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(New York’s Metrograph is presenting a program entitled Queer Poseurs, Cinematic Muses: K8 Hardy’s Inspirations for Outfitumentary wherein New York-based artist and filmmaker K8 Hardy “shares some of her filmic inspirations, spotlighting a suite of cinema’s most rebellious fashion iconoclasts and idols.” Outfitumentary plays Friday, 16-December at 7:15pm + Saturday, 17-December at 6:45pm and Ticket of No Return plays Friday, 16-December at 9:30pm + Sunday, 18-December at 9:15pm. Jonathan Marlow offers thoughts on both…)

“As a young artist in New York, I was running around the city like a peacock in my flamboyant queer and feminist looks. In 2001, I made up my mind that I needed to document my outfits on video for the next ten years. I felt there needed to be an accurate record of the way a blossoming radical lesbian feminist was dressing. I proceeded to capture my outfits on a consistent and often daily basis, using the same shitty mini-dv camera in my ever-changing apartments and art studios. By the beginning of 2012, my camera broke and I declared the project finished.”

Outfitumentary , K8 Hardy’s theme-and-variation “personal documentary” is the lodestar around which Queer Poseurs, Cinematic Muses (16- to 18-December at Metrograph) sails, featuring a trio of Hardy inspirations: John Waters’ decadent Pink Flamingos, Ryan Trecartin’s chaotic I-Be Area and a fashionable Outfitu-counterpoint, Ulrike Ottinger’s fabulous Ticket of No Return. A quadruple-feature of mind-blowing proportions, dispersed in digestible doubles or a Saturday night triple.

Co-produced by Madeleine Molyneaux, Outfitumentary opens with filmmaker / protagonist K8 Hardy wearing a t-shirt which matter-of-factly reads, “Inside this shirt is the body of a lesbian woman,” reflected in reverse. At that moment, Kate Bush’s presently ubiquitous Running Up That Hill plays whereas, elsewhere and throughout, the diegetic soundtrack features off-screen individuals questioning the process or making attempts to assist. Therein, this fashion-diary is additionally, in parallel, its own making-of. Like an outfit, layers upon layers.

While a not-quite-hour-and-a-half fashion show pantomime, one outfit following another, might not initially strike you as a fascinating prospect, the “-umentary” set-up of persistence provides a snapshot-sequence of a decade of transformation. There is more variety in the assorted combinations of outfits than you’d otherwise suspect. A fair amount of humor, too. I’ll be your mirror.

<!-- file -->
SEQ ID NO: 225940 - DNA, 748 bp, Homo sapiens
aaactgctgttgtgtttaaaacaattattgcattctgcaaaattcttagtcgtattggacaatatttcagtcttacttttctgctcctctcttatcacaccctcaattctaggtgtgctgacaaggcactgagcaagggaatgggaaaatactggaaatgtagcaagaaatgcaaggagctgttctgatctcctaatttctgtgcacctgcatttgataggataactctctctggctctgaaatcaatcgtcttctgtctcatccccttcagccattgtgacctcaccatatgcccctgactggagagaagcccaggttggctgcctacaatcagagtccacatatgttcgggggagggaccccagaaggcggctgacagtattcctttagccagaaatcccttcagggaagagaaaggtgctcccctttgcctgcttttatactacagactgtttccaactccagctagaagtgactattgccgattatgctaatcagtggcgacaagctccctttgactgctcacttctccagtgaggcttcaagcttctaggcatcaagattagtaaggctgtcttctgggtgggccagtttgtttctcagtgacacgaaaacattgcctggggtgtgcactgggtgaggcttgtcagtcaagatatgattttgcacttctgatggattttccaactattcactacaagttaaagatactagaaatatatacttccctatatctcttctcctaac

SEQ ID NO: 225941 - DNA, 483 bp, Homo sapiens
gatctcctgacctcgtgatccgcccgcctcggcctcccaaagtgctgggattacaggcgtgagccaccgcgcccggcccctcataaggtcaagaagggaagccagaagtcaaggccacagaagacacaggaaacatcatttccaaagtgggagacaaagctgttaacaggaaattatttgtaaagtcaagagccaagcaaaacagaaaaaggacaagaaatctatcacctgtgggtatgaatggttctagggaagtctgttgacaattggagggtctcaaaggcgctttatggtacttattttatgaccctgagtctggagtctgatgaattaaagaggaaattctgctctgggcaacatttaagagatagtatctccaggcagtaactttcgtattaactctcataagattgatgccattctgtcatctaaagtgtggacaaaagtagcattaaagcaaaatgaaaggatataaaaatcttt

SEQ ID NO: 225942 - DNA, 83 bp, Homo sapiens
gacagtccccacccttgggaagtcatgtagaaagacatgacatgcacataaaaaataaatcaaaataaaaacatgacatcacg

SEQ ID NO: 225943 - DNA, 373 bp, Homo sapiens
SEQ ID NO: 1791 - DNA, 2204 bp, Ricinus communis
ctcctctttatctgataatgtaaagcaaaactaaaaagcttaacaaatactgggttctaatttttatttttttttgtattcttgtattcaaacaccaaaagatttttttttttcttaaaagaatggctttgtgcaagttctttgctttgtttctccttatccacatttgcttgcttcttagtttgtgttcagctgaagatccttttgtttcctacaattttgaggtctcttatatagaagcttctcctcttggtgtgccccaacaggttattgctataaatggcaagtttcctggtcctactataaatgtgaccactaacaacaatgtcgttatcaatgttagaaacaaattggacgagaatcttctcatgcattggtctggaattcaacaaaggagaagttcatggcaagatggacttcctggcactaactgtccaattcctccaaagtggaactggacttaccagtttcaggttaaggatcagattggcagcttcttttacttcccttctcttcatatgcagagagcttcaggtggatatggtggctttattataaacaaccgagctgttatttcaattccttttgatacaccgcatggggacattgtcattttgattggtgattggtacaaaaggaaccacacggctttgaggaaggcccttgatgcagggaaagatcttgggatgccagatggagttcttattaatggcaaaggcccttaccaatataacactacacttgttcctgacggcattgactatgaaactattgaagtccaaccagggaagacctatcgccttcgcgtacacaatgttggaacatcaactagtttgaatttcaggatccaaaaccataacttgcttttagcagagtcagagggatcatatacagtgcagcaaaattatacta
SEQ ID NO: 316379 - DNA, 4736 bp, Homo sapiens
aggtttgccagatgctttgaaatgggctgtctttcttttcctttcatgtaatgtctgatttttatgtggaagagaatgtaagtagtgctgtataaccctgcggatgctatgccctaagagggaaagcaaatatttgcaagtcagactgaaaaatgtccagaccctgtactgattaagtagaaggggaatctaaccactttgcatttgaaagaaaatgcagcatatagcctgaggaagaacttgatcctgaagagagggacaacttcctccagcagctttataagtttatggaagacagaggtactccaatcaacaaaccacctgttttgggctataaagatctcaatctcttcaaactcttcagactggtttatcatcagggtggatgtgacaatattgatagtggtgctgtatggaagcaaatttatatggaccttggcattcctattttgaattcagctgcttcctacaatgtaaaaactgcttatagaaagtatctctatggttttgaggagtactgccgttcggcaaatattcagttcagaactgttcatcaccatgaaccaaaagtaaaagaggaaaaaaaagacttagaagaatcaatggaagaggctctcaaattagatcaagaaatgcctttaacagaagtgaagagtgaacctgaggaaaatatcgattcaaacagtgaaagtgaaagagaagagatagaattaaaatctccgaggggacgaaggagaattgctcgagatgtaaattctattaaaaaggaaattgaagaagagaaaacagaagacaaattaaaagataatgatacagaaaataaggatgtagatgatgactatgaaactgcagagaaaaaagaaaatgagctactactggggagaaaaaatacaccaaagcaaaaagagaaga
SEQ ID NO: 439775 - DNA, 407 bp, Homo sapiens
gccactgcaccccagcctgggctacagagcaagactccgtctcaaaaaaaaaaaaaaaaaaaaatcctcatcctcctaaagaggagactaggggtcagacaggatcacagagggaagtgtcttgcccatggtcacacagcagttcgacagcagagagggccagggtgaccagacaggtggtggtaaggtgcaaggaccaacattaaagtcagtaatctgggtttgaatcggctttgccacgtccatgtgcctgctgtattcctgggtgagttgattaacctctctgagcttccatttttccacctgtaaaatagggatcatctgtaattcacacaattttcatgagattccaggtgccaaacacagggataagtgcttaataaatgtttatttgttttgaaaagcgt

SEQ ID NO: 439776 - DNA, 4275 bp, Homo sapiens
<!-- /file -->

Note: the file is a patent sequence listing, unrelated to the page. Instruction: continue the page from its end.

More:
Contrarywise yet similarly, Ticket of No Return [ Bildnis Einer Trinkerin] had no antecedent outside of the other works by Ulrike Ottinger. One potential reference point: score-composer extraordinaire Peer Raben (who worked extensively with Rainer Werner Fassbinder). RWF-esque? Not precisely.

“She, a woman of great beauty, of antique grace and Raphaelesque proportions, a woman, created like no other, to be Medea, Madonna, Beatrice, Iphigenia, Asposia, decided one sunny winter day to leave La Rotonda. She bought a one-way ticket to Berlin-Tegel.”

Thus the English title, a ticket there-but-not-back-again. The German title, however, translates as Portrait of a Female Drunkard and, accurately enough, the narrative framework follows a drinking-tour of late-‘70s Berlin. How outré was the once-and-thereafter-but-not-then capital? Muse / lead-drunkard Tabea Blumenschein’s costume-designs foreshadow the mid-1980s and the whole film feels out-of-step with the period, occasionally ahead, sometimes slightly behind and otherwise of no time whatsoever.

Here we have dancing! Assorted vignettes! Friendship between a homeless vagabond and an itinerant socialite, drunkards all! Briefly starring Eddie Constantine (a la Alphaville etc.), written / directed / with camerawork by the incomparable Ulrike Ottinger (who additionally cameos). With moments of über European-ness: yodeling, sausages and sauerkraut! Entirely unique in comparison to the New German Cinema [Neuer Deutscher Film] of the time. Not Wenders, Herzog, Schroeter, Syberberg nor even von Trotta. Ottinger, above all.

“She wanted to forget her past,” Ottinger wrote, “or rather to abandon it like a condemned house. She wanted to concentrate all her energies on one thing, something all her own. To follow her own destiny at last was her only desire. Berlin, a city in which she was a complete stranger, seemed just the place to indulge her passion undisturbed. Her passion was alcohol, she lived to drink and drank to live, the life of a drunkard. Her resolve to live out a narcissistic, pessimistic cult of solitude strengthened during her flight until it reached the level at which it could be lived.”

The perfect film(s) for this imperfect moment: Ticket of No Return and Outfitumentary are expeditions to a world that was and never will be again.

Jonathan Marlow (@aliasMarlow)

OUTFITUMENTARY (2016)  dir. K8 Hardy  [82min.]  Hardy Studio

TICKET OF NO RETURN (1979) dir. Ulrike Ottinger [108min.] Arsenal Distribution

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